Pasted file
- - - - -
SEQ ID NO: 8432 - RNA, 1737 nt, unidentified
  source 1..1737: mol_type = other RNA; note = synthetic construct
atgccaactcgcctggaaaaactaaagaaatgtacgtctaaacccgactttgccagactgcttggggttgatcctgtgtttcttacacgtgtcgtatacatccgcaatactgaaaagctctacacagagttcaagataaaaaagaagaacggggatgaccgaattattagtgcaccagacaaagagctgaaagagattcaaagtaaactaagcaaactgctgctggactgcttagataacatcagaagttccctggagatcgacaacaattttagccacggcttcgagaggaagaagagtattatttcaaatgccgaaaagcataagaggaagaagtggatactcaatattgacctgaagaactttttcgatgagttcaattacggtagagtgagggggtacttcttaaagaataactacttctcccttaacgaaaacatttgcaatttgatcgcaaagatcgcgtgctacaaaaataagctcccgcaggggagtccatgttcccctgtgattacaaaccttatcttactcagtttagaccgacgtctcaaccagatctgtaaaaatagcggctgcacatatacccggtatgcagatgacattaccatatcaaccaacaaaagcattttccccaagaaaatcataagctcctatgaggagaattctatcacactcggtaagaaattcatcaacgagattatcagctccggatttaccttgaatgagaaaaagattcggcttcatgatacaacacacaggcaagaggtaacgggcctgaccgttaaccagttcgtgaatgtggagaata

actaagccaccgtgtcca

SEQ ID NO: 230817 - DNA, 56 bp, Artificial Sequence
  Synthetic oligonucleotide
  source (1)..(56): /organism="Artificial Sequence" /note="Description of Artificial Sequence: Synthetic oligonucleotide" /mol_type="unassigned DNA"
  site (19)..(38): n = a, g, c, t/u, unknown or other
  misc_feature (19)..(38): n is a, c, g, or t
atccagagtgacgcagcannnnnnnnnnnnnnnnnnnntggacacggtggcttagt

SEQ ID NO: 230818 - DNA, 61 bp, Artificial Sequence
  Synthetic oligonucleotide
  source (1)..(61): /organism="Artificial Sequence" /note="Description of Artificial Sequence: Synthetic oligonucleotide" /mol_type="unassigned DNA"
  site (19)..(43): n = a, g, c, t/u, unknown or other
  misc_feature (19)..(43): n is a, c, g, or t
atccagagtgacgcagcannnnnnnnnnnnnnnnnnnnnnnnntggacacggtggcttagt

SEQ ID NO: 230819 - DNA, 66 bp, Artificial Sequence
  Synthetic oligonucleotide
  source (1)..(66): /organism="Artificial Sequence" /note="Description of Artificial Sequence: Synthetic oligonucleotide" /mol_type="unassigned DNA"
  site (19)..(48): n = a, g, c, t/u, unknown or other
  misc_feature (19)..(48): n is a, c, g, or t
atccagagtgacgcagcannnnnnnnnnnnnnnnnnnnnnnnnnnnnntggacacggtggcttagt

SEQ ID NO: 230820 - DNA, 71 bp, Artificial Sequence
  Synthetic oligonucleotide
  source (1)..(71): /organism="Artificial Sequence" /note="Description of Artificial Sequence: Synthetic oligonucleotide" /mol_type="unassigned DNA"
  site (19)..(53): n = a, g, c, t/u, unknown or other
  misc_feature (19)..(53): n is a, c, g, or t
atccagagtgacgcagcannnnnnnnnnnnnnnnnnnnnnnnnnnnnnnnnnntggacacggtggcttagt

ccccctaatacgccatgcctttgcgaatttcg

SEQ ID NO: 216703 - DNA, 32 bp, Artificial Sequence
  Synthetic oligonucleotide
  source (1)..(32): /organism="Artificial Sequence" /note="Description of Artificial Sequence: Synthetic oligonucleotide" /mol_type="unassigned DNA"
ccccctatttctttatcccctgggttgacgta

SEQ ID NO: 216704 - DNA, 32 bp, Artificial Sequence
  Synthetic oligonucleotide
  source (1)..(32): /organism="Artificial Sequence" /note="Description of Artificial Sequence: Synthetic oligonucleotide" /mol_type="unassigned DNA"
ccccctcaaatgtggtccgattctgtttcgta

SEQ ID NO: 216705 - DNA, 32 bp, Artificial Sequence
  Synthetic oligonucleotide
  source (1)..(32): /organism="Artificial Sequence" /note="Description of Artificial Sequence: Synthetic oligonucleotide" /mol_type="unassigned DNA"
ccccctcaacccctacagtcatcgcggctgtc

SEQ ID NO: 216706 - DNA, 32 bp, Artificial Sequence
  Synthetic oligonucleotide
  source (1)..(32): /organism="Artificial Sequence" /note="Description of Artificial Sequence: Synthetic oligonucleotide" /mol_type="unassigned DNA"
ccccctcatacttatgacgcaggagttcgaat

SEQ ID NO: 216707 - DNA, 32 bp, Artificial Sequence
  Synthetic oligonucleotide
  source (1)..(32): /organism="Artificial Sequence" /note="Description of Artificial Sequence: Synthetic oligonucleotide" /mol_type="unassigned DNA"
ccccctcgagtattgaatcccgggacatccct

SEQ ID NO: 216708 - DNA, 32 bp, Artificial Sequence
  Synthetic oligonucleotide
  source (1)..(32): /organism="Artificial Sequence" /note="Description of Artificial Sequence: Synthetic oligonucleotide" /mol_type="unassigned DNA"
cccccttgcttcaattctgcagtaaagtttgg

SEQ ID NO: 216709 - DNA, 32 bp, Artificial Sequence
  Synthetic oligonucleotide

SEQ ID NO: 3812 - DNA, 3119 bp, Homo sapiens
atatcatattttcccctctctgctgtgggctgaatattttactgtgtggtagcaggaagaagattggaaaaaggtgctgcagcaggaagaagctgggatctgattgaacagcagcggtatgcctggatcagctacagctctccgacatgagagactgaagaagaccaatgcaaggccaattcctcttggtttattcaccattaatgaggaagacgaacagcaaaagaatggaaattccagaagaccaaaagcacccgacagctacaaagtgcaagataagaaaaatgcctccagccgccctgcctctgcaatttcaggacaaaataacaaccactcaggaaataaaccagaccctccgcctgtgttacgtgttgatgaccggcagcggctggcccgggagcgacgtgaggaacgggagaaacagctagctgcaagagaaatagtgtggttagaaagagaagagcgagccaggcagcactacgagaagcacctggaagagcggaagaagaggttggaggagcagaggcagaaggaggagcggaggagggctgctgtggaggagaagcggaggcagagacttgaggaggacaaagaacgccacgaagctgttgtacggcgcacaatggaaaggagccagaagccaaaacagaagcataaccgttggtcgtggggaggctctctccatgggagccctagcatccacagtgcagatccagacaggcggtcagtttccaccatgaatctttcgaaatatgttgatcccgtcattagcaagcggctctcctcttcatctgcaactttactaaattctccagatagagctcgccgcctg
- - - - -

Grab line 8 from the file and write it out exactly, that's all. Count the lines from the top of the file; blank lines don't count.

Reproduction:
  site (19)..(38): n = a, g, c, t/u, unknown or other